Speculation has been growing over the summer that Pink Floyd, one of the bestselling bands in rock history, is set to sell its lucrative music catalog for more than $600 million.
It would be a record-setting amount for any music artist, topping the estimated $500 million Bruce Springsteen received in December and the reported $300 million Bob Dylan received in late 2020 for the sale of ownership of their songs and music publishing rights.
Major outlets have reported that Pink Floyd will be the next act to rake in a fortune by selling its music — with payday estimates ranging between $600 million and $750 million.
The long-defunct band’s catalog, which includes such landmark albums as “Dark Side of the Moon” and “The Wall,” has kept Pink Floyd popular decades after the band’s final tour in 1994. The group’s worldwide album sales top 250 million.
The three surviving former members of the pioneering English band — guitarist-singer David Gilmour, drummer Nick Mason and bassist-singer Roger Waters — have remained comfortably mum about the possibility of a sale.
Asked in a Sept. 14 interview if Pink Floyd was set to sell the rights to its music, Mason told the San Diego Union-Tribune: “It’s been talked about, but I don’t think it will happen.”
“I’m not sure we really want to do that,” said the drummer. “Even though we all argue amongst ourselves, to relinquish control — at any level — is dubious.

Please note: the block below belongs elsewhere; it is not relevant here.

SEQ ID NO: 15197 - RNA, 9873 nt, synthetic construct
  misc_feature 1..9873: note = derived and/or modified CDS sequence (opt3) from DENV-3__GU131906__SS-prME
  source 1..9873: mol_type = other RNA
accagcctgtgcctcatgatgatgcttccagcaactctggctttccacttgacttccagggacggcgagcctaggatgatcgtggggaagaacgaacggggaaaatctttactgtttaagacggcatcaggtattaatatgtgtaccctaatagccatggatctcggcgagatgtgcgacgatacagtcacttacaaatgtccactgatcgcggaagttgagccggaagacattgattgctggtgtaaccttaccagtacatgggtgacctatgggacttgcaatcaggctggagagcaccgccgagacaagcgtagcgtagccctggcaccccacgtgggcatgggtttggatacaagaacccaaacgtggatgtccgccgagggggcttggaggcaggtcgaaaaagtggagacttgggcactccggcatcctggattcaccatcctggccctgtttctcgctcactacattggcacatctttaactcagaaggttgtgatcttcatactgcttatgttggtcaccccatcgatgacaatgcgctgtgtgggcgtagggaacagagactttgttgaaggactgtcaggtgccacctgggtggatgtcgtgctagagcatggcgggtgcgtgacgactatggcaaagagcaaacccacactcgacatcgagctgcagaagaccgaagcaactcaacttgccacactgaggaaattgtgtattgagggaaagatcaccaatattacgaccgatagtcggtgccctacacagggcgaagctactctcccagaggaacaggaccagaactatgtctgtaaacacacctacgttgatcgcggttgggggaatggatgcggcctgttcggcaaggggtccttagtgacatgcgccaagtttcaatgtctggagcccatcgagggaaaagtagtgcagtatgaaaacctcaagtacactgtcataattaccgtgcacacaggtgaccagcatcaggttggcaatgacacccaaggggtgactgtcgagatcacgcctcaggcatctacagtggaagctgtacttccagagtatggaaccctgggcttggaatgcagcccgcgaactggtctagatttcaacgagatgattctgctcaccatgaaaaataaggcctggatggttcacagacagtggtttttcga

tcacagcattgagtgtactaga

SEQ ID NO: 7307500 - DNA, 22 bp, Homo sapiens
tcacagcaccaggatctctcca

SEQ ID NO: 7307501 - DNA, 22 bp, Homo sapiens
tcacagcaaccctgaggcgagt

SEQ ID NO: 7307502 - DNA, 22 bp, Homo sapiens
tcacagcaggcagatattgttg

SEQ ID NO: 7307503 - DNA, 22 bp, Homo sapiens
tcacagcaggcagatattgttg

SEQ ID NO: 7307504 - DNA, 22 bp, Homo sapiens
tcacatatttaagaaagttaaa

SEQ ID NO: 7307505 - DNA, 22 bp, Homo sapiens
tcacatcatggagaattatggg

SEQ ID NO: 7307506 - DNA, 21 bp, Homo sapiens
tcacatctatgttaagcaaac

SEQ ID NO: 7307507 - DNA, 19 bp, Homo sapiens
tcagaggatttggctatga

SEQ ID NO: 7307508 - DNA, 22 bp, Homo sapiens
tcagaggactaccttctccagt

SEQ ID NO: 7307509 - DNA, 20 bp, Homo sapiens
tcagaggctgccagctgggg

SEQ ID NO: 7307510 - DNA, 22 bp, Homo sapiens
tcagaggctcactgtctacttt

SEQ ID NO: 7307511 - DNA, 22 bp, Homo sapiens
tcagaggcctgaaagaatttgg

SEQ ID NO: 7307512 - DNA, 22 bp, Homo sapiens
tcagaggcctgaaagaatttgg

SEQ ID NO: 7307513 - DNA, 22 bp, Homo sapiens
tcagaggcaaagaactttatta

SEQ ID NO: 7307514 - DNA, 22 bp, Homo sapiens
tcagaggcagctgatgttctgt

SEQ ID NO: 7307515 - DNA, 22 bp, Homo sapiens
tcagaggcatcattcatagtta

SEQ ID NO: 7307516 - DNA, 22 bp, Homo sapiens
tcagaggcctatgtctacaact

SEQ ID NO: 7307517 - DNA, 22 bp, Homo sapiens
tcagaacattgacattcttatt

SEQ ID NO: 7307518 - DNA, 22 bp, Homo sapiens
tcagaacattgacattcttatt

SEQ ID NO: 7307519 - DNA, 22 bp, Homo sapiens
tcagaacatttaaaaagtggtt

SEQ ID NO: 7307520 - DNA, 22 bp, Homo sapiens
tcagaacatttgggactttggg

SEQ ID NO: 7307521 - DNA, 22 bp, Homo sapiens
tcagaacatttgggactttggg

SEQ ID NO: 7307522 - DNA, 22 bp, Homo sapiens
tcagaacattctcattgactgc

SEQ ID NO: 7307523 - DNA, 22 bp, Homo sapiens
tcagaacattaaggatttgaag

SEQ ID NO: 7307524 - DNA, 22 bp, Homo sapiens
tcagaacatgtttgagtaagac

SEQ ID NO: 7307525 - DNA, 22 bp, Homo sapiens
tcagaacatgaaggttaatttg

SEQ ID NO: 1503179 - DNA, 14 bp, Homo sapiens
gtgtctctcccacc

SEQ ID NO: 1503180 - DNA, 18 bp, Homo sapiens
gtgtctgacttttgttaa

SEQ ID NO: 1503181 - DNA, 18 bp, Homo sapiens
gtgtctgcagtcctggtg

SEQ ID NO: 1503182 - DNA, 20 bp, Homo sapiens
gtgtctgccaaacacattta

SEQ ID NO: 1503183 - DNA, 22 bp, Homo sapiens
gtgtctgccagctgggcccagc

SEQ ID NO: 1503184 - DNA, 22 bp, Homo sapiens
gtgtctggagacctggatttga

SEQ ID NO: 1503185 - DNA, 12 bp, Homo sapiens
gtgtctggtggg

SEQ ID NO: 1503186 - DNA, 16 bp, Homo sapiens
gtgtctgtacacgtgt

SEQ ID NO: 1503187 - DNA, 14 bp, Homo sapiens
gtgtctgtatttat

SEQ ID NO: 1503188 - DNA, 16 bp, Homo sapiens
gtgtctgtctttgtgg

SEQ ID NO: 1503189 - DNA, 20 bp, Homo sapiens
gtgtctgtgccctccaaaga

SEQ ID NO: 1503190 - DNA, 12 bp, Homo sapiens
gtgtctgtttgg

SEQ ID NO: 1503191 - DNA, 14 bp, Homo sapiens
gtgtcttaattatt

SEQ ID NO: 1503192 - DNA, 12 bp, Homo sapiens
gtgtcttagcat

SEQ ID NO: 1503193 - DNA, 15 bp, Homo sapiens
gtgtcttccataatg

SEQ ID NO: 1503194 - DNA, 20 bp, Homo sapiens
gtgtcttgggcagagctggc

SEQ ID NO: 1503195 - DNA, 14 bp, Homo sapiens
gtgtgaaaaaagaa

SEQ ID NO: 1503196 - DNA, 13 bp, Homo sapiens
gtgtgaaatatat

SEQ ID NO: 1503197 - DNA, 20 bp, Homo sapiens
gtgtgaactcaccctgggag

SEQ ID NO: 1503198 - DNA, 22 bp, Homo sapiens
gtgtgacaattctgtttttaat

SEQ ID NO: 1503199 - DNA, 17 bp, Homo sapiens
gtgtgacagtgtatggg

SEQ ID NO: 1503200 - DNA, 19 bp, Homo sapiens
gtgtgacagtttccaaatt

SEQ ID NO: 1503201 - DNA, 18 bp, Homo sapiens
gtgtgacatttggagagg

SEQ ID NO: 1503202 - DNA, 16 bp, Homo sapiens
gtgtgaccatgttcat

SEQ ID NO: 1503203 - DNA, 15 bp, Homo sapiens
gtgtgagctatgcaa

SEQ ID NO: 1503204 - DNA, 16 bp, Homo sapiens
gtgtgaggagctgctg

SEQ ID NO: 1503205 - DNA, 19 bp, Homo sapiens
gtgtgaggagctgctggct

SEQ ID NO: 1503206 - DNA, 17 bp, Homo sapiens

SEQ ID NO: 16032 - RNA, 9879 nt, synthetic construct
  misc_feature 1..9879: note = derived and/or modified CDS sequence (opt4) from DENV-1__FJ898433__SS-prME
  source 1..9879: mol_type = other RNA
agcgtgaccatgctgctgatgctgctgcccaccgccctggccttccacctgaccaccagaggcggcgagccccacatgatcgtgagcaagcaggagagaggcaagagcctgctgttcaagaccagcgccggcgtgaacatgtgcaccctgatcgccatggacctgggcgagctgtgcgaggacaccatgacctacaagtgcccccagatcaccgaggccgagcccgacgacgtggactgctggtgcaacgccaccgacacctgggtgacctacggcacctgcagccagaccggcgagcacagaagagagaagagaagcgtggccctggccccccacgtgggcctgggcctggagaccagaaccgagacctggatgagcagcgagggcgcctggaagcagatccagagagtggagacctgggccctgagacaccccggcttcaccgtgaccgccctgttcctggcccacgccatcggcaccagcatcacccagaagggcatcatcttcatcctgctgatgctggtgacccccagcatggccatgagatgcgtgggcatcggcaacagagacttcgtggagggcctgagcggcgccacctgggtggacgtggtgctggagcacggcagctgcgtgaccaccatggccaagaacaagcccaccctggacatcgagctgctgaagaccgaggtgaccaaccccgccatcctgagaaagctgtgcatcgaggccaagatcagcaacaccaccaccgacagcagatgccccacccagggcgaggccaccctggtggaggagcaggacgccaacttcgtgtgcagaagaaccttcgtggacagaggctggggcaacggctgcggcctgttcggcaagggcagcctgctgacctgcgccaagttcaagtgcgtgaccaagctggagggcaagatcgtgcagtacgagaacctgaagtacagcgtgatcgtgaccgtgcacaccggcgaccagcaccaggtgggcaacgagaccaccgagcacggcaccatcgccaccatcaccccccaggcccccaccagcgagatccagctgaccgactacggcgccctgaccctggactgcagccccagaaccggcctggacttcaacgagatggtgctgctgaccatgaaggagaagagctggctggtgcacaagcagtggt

“And from a practical point of view, I’m not sure it makes good business sense.”
Practical points of view have been difficult to come by in Pink Floyd, especially given the long fractious relationship between Waters and the band’s other members.
The genial Mason has for years wisely avoided becoming involved in the contentious interactions between Waters and Gilmour.
The most recent instance of Waters and Gilmour bumping heads resulted in a four-year release delay of the remixed version of Pink Floyd’s 1977 album, “Animals.” Originally scheduled to come out in 2018, it was only released last week.
“I think (that was) because of musical differences between Roger and David. They argued about the (album) sleeve notes for two years,” said Mason.
Asked if serving as a neutral peacemaker between Waters and Gilmour made him feel like he was fulfilling the role of the United Nations, Mason laughed.
“No,” he replied. “I feel like (former British Prime Minster and Nazi appeaser) Neville Chamberlain in 1939, (declaring) ‘Peace in our time’ and waving a white flag!”